Sunday, October 28, 2018
A Brief History of Sushi in the United States
A native of Japan, Eiji Mori has led a distinguished career in the restaurant industry since he came to the United States at the age of 20. Today, Eiji Mori serves as the executive general manager of Sushi Roku Newport Beach, one of the most successful sushi restaurants in California.
Though sushi restaurants are now common in cities and suburbs throughout the United States, this was not always the case. Until fairly recently, sushi was difficult to find away from the coasts and considered by many Americans to be a rare and mysterious delicacy.
Originally a street food in Japan, sushi -- a term that actually refers to the type of rice that traditionally comes with the raw fish -- dates back more than a thousand years. However, it wasn’t until the 20th century that the dish made its way to the United States. Though some food historians believe that sushi first arrived in the US in the 1950s, most agree that sushi first became firmly established in the late 1960s with the opening of Kawafuku Restaurant in Los Angeles.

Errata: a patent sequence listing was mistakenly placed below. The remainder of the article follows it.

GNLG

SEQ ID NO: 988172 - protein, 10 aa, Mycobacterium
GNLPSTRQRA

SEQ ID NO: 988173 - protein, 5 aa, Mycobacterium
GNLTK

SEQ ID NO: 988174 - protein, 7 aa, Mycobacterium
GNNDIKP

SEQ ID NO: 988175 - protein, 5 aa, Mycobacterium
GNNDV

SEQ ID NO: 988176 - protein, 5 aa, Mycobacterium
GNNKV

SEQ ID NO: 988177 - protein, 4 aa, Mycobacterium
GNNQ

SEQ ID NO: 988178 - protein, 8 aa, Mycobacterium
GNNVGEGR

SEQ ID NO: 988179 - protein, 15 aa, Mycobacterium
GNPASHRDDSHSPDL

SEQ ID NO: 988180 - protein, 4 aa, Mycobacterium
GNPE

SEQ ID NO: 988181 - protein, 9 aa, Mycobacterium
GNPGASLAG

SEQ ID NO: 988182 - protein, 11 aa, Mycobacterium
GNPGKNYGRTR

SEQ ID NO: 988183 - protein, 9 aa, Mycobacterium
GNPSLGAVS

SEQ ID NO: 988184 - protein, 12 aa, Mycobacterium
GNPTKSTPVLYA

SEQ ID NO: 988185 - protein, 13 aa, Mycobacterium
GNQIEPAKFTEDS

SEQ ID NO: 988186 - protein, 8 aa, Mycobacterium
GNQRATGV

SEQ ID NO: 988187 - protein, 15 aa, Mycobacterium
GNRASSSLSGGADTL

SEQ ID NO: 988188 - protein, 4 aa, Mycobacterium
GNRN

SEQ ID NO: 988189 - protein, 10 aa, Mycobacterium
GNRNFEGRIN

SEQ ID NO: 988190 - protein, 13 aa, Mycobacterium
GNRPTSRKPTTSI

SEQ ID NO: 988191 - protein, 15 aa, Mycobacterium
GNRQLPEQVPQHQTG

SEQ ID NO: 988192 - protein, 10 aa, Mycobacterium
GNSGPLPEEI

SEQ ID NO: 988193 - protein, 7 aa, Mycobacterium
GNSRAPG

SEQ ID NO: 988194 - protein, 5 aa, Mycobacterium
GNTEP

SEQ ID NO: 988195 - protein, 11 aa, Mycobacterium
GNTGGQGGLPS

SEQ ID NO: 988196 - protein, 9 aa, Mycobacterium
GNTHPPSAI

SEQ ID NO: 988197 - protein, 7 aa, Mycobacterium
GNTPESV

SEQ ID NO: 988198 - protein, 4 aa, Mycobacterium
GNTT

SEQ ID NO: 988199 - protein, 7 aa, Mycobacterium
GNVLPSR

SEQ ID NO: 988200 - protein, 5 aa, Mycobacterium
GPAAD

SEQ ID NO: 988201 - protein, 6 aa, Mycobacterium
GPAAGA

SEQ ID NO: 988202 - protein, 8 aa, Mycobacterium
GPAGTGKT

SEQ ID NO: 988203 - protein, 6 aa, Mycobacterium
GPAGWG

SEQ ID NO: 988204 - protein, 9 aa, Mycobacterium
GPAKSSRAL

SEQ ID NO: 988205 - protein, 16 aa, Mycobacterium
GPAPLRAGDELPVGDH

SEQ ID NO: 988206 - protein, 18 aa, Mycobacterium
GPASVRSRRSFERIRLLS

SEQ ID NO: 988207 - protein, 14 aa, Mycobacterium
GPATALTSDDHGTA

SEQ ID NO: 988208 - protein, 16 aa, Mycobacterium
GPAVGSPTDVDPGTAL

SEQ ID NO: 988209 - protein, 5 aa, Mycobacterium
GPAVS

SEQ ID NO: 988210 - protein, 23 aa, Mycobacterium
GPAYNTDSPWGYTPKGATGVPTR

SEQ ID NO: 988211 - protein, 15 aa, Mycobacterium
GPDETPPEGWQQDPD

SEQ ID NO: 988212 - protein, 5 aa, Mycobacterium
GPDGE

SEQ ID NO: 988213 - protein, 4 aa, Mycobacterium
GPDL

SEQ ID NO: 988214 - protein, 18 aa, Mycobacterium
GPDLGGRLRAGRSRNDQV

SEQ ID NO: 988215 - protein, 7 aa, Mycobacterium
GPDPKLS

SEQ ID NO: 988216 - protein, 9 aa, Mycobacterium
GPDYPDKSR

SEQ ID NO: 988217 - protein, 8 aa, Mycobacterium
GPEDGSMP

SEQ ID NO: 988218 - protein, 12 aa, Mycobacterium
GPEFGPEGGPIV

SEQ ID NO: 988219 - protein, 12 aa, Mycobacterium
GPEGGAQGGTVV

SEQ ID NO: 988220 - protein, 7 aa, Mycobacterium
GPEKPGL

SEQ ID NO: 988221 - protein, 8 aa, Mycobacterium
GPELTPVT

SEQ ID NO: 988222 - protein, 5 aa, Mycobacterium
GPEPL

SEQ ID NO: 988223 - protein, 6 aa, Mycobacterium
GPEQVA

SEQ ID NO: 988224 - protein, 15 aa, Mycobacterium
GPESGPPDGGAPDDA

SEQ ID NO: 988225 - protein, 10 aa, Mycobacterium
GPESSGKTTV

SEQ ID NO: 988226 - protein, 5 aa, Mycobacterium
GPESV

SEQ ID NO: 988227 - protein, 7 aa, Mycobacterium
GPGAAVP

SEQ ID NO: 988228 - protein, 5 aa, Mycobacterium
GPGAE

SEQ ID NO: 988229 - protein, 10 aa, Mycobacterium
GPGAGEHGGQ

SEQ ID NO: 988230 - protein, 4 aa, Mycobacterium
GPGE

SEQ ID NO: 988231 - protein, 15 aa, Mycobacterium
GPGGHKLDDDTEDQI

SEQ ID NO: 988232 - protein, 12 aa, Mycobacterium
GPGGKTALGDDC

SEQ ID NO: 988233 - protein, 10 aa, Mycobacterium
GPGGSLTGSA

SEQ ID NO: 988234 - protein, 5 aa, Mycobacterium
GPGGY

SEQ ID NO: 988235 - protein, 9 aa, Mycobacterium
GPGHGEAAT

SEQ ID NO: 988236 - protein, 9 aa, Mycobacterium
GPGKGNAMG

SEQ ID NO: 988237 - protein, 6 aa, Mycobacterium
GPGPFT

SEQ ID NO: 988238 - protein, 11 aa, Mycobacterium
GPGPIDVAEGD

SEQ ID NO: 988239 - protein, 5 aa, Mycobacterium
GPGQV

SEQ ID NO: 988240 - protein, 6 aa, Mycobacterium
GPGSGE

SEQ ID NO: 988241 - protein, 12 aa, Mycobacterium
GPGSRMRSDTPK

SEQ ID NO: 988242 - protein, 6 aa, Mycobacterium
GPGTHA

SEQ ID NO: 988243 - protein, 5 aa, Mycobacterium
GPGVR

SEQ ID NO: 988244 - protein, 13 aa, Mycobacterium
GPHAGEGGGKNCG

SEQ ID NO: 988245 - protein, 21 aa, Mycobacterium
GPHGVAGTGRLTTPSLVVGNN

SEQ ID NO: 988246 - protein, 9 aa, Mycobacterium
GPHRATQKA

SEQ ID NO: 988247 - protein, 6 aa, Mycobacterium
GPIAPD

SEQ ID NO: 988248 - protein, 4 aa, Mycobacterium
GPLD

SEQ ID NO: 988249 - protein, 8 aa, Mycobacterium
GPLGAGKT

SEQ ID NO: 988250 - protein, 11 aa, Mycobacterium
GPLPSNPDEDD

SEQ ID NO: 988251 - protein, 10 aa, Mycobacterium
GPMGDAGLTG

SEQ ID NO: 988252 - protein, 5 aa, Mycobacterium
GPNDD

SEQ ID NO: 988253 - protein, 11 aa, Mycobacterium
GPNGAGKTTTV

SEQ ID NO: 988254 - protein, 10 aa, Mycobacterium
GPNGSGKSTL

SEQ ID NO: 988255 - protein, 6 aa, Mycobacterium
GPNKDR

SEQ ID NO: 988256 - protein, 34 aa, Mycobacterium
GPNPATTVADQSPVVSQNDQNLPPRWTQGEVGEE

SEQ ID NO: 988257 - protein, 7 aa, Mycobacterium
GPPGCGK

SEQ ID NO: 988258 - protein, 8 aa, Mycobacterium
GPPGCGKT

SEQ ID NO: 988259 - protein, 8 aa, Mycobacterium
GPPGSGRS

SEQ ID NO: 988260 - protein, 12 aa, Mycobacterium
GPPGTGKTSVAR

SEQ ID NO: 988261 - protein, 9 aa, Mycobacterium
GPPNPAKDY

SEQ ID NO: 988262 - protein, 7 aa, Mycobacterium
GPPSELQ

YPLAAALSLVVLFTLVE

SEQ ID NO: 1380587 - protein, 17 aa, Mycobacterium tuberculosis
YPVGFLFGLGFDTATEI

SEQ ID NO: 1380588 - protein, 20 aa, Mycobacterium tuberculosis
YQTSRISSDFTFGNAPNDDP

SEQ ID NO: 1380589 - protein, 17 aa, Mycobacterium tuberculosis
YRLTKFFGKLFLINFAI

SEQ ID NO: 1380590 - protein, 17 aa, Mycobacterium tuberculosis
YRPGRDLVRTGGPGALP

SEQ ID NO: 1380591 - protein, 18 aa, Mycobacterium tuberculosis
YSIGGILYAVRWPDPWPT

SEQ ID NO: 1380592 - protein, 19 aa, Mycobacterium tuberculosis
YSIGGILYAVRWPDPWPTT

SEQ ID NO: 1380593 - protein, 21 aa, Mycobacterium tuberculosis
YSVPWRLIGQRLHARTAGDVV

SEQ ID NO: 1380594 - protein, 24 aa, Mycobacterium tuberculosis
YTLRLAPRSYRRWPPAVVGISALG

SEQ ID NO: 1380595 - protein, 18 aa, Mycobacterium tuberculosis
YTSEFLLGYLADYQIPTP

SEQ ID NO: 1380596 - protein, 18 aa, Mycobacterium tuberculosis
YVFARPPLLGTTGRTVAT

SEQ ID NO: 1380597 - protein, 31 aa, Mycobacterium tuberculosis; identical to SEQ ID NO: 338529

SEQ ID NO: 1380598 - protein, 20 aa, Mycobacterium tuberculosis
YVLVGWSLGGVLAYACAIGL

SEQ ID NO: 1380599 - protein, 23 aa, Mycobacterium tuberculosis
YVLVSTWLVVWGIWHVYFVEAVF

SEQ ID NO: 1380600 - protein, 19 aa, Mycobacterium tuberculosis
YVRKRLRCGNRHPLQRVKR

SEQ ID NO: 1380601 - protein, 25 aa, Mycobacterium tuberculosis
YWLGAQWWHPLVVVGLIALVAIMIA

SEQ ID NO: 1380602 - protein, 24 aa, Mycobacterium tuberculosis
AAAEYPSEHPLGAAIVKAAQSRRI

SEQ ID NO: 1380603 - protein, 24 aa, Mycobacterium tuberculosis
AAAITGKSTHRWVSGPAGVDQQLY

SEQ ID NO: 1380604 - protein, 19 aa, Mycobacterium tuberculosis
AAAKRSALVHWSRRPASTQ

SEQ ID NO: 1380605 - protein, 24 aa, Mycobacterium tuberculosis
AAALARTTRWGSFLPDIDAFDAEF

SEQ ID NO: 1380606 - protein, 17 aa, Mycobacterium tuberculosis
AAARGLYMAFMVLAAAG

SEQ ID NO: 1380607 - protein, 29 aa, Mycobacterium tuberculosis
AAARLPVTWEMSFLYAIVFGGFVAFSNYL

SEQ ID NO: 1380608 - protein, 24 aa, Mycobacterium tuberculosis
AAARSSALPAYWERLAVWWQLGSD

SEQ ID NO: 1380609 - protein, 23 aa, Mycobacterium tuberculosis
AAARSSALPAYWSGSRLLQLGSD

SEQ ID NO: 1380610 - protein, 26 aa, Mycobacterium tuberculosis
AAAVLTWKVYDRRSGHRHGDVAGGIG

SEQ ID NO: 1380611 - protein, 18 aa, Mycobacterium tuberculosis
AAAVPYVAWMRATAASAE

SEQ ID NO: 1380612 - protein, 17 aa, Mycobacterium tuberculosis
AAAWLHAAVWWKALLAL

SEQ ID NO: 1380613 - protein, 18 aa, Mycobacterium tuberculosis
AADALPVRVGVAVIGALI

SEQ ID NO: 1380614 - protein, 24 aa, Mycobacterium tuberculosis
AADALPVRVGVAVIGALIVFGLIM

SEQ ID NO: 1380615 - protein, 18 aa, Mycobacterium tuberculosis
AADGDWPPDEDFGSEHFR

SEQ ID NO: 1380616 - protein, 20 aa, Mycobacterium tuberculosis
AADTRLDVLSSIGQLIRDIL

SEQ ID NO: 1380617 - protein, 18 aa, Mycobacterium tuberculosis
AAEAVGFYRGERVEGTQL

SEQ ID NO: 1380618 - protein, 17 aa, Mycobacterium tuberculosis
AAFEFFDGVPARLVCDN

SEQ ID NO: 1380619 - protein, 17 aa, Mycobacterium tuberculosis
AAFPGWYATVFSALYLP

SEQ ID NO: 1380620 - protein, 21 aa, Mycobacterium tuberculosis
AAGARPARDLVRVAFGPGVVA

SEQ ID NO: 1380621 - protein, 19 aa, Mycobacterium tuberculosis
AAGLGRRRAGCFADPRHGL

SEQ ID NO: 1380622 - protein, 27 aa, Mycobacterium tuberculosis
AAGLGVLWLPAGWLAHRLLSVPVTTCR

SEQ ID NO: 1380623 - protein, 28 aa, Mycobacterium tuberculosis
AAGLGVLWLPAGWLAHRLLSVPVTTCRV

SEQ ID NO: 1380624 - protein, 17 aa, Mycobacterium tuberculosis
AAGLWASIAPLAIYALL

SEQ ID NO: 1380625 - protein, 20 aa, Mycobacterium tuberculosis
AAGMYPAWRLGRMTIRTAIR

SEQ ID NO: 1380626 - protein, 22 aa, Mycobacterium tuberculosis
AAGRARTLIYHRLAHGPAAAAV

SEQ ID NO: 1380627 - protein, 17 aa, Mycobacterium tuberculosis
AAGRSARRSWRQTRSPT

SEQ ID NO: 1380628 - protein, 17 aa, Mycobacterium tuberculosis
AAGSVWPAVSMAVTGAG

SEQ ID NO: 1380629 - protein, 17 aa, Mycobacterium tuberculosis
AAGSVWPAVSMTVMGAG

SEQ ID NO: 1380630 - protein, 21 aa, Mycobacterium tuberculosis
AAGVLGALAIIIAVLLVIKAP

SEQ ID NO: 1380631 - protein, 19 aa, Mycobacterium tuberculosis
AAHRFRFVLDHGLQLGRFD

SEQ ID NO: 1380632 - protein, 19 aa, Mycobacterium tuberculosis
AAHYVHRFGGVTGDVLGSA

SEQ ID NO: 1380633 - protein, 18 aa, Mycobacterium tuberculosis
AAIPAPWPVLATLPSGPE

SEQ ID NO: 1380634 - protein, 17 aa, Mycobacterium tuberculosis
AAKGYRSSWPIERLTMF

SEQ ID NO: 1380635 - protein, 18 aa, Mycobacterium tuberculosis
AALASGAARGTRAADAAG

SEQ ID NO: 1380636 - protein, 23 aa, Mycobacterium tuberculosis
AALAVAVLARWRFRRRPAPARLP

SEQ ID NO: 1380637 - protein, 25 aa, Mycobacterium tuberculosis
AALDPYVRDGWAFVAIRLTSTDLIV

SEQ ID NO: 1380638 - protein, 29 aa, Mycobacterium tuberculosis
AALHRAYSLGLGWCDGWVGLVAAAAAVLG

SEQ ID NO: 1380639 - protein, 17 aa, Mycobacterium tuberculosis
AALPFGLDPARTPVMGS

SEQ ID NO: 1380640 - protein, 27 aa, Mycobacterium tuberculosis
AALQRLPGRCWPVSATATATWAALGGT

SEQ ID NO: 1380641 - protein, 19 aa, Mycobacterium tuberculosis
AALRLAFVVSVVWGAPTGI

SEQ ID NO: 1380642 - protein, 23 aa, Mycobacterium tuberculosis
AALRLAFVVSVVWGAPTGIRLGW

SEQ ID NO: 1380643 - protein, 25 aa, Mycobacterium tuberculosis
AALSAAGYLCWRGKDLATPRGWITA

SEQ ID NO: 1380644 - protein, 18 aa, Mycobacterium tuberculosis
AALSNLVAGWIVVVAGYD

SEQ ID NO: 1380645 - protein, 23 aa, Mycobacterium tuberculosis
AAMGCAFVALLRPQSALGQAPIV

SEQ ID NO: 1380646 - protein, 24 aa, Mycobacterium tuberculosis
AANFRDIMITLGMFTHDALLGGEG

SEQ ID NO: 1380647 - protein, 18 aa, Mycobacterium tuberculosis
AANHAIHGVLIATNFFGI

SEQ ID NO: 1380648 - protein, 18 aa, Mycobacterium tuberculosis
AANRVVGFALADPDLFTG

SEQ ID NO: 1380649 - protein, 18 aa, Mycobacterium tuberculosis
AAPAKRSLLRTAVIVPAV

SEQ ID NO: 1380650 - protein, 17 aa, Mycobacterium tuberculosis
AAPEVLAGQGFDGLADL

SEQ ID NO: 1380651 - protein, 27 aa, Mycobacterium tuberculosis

As sushi’s popularity spread in Los Angeles, especially with celebrities, more Japanese chefs immigrated to the US to open their own spots in California. The increasing proliferation of sushi restaurants dovetailed with a general surge in popularity of Japanese culture, and by the 1980s sushi restaurants were opening throughout the United States.
Today, the American craze for all things Japanese shows no sign of slowing down, and sushi has become a staple part of the diet for millions of Americans. According to industry statistics, by 2017 there were more than 4,000 sushi restaurants generating over $2 billion in revenue each year.